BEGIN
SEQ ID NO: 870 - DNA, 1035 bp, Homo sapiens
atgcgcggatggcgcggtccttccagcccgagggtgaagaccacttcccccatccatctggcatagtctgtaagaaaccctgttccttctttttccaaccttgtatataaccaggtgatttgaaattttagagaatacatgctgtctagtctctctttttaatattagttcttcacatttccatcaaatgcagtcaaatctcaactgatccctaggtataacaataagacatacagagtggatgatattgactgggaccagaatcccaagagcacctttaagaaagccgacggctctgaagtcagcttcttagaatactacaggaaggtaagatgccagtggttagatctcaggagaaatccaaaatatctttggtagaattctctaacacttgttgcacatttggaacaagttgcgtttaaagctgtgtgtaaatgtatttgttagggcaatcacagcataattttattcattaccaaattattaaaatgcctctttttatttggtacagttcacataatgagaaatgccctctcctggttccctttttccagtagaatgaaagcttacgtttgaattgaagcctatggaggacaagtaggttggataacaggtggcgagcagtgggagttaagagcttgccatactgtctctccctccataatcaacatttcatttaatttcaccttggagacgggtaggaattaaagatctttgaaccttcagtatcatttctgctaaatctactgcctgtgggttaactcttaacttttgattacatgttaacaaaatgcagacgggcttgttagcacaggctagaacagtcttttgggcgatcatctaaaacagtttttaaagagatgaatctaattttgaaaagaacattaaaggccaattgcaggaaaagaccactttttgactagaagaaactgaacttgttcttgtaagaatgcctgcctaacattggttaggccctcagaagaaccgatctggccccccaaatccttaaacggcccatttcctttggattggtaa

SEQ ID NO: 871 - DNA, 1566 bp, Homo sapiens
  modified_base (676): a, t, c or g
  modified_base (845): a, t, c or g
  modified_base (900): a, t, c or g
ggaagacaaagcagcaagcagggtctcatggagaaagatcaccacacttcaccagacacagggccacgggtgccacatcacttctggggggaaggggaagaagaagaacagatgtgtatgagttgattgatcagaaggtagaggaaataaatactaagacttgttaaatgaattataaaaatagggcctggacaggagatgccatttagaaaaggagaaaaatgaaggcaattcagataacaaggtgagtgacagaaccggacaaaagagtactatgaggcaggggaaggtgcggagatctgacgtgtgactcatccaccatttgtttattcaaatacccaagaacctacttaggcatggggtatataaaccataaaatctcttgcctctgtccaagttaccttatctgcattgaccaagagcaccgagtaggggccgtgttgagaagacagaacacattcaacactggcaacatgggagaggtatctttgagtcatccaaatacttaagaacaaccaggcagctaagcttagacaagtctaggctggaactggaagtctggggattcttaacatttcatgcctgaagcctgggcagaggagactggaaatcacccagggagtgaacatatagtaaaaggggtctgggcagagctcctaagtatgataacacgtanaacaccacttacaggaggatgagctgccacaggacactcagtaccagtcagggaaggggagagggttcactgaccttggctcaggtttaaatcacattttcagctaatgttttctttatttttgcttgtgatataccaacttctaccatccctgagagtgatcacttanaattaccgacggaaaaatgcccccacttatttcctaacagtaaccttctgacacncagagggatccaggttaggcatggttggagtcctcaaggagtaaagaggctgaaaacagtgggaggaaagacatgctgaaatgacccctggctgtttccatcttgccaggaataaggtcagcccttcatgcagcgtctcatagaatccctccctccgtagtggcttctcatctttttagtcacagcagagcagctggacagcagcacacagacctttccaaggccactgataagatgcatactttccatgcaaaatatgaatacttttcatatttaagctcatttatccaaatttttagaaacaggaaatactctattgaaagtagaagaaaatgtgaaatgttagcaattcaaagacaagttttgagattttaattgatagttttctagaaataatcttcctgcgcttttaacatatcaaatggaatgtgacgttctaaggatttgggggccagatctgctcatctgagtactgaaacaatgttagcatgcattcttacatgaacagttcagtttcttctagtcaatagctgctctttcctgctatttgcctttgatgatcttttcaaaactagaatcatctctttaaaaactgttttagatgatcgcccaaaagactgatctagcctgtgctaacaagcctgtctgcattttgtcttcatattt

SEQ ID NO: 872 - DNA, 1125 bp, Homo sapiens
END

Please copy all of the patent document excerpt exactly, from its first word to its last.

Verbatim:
SEQ ID NO: 870 - DNA, 1035 bp, Homo sapiens
atgcgcggatggcgcggtccttccagcccgagggtgaagaccacttcccccatccatctggcatagtctgtaagaaaccctgttccttctttttccaaccttgtatataaccaggtgatttgaaattttagagaatacatgctgtctagtctctctttttaatattagttcttcacatttccatcaaatgcagtcaaatctcaactgatccctaggtataacaataagacatacagagtggatgatattgactgggaccagaatcccaagagcacctttaagaaagccgacggctctgaagtcagcttcttagaatactacaggaaggtaagatgccagtggttagatctcaggagaaatccaaaatatctttggtagaattctctaacacttgttgcacatttggaacaagttgcgtttaaagctgtgtgtaaatgtatttgttagggcaatcacagcataattttattcattaccaaattattaaaatgcctctttttatttggtacagttcacataatgagaaatgccctctcctggttccctttttccagtagaatgaaagcttacgtttgaattgaagcctatggaggacaagtaggttggataacaggtggcgagcagtgggagttaagagcttgccatactgtctctccctccataatcaacatttcatttaatttcaccttggagacgggtaggaattaaagatctttgaaccttcagtatcatttctgctaaatctactgcctgtgggttaactcttaacttttgattacatgttaacaaaatgcagacgggcttgttagcacaggctagaacagtcttttgggcgatcatctaaaacagtttttaaagagatgaatctaattttgaaaagaacattaaaggccaattgcaggaaaagaccactttttgactagaagaaactgaacttgttcttgtaagaatgcctgcctaacattggttaggccctcagaagaaccgatctggccccccaaatccttaaacggcccatttcctttggattggtaa

SEQ ID NO: 871 - DNA, 1566 bp, Homo sapiens
  modified_base (676): a, t, c or g
  modified_base (845): a, t, c or g
  modified_base (900): a, t, c or g
ggaagacaaagcagcaagcagggtctcatggagaaagatcaccacacttcaccagacacagggccacgggtgccacatcacttctggggggaaggggaagaagaagaacagatgtgtatgagttgattgatcagaaggtagaggaaataaatactaagacttgttaaatgaattataaaaatagggcctggacaggagatgccatttagaaaaggagaaaaatgaaggcaattcagataacaaggtgagtgacagaaccggacaaaagagtactatgaggcaggggaaggtgcggagatctgacgtgtgactcatccaccatttgtttattcaaatacccaagaacctacttaggcatggggtatataaaccataaaatctcttgcctctgtccaagttaccttatctgcattgaccaagagcaccgagtaggggccgtgttgagaagacagaacacattcaacactggcaacatgggagaggtatctttgagtcatccaaatacttaagaacaaccaggcagctaagcttagacaagtctaggctggaactggaagtctggggattcttaacatttcatgcctgaagcctgggcagaggagactggaaatcacccagggagtgaacatatagtaaaaggggtctgggcagagctcctaagtatgataacacgtanaacaccacttacaggaggatgagctgccacaggacactcagtaccagtcagggaaggggagagggttcactgaccttggctcaggtttaaatcacattttcagctaatgttttctttatttttgcttgtgatataccaacttctaccatccctgagagtgatcacttanaattaccgacggaaaaatgcccccacttatttcctaacagtaaccttctgacacncagagggatccaggttaggcatggttggagtcctcaaggagtaaagaggctgaaaacagtgggaggaaagacatgctgaaatgacccctggctgtttccatcttgccaggaataaggtcagcccttcatgcagcgtctcatagaatccctccctccgtagtggcttctcatctttttagtcacagcagagcagctggacagcagcacacagacctttccaaggccactgataagatgcatactttccatgcaaaatatgaatacttttcatatttaagctcatttatccaaatttttagaaacaggaaatactctattgaaagtagaagaaaatgtgaaatgttagcaattcaaagacaagttttgagattttaattgatagttttctagaaataatcttcctgcgcttttaacatatcaaatggaatgtgacgttctaaggatttgggggccagatctgctcatctgagtactgaaacaatgttagcatgcattcttacatgaacagttcagtttcttctagtcaatagctgctctttcctgctatttgcctttgatgatcttttcaaaactagaatcatctctttaaaaactgttttagatgatcgcccaaaagactgatctagcctgtgctaacaagcctgtctgcattttgtcttcatattt

SEQ ID NO: 872 - DNA, 1125 bp, Homo sapiens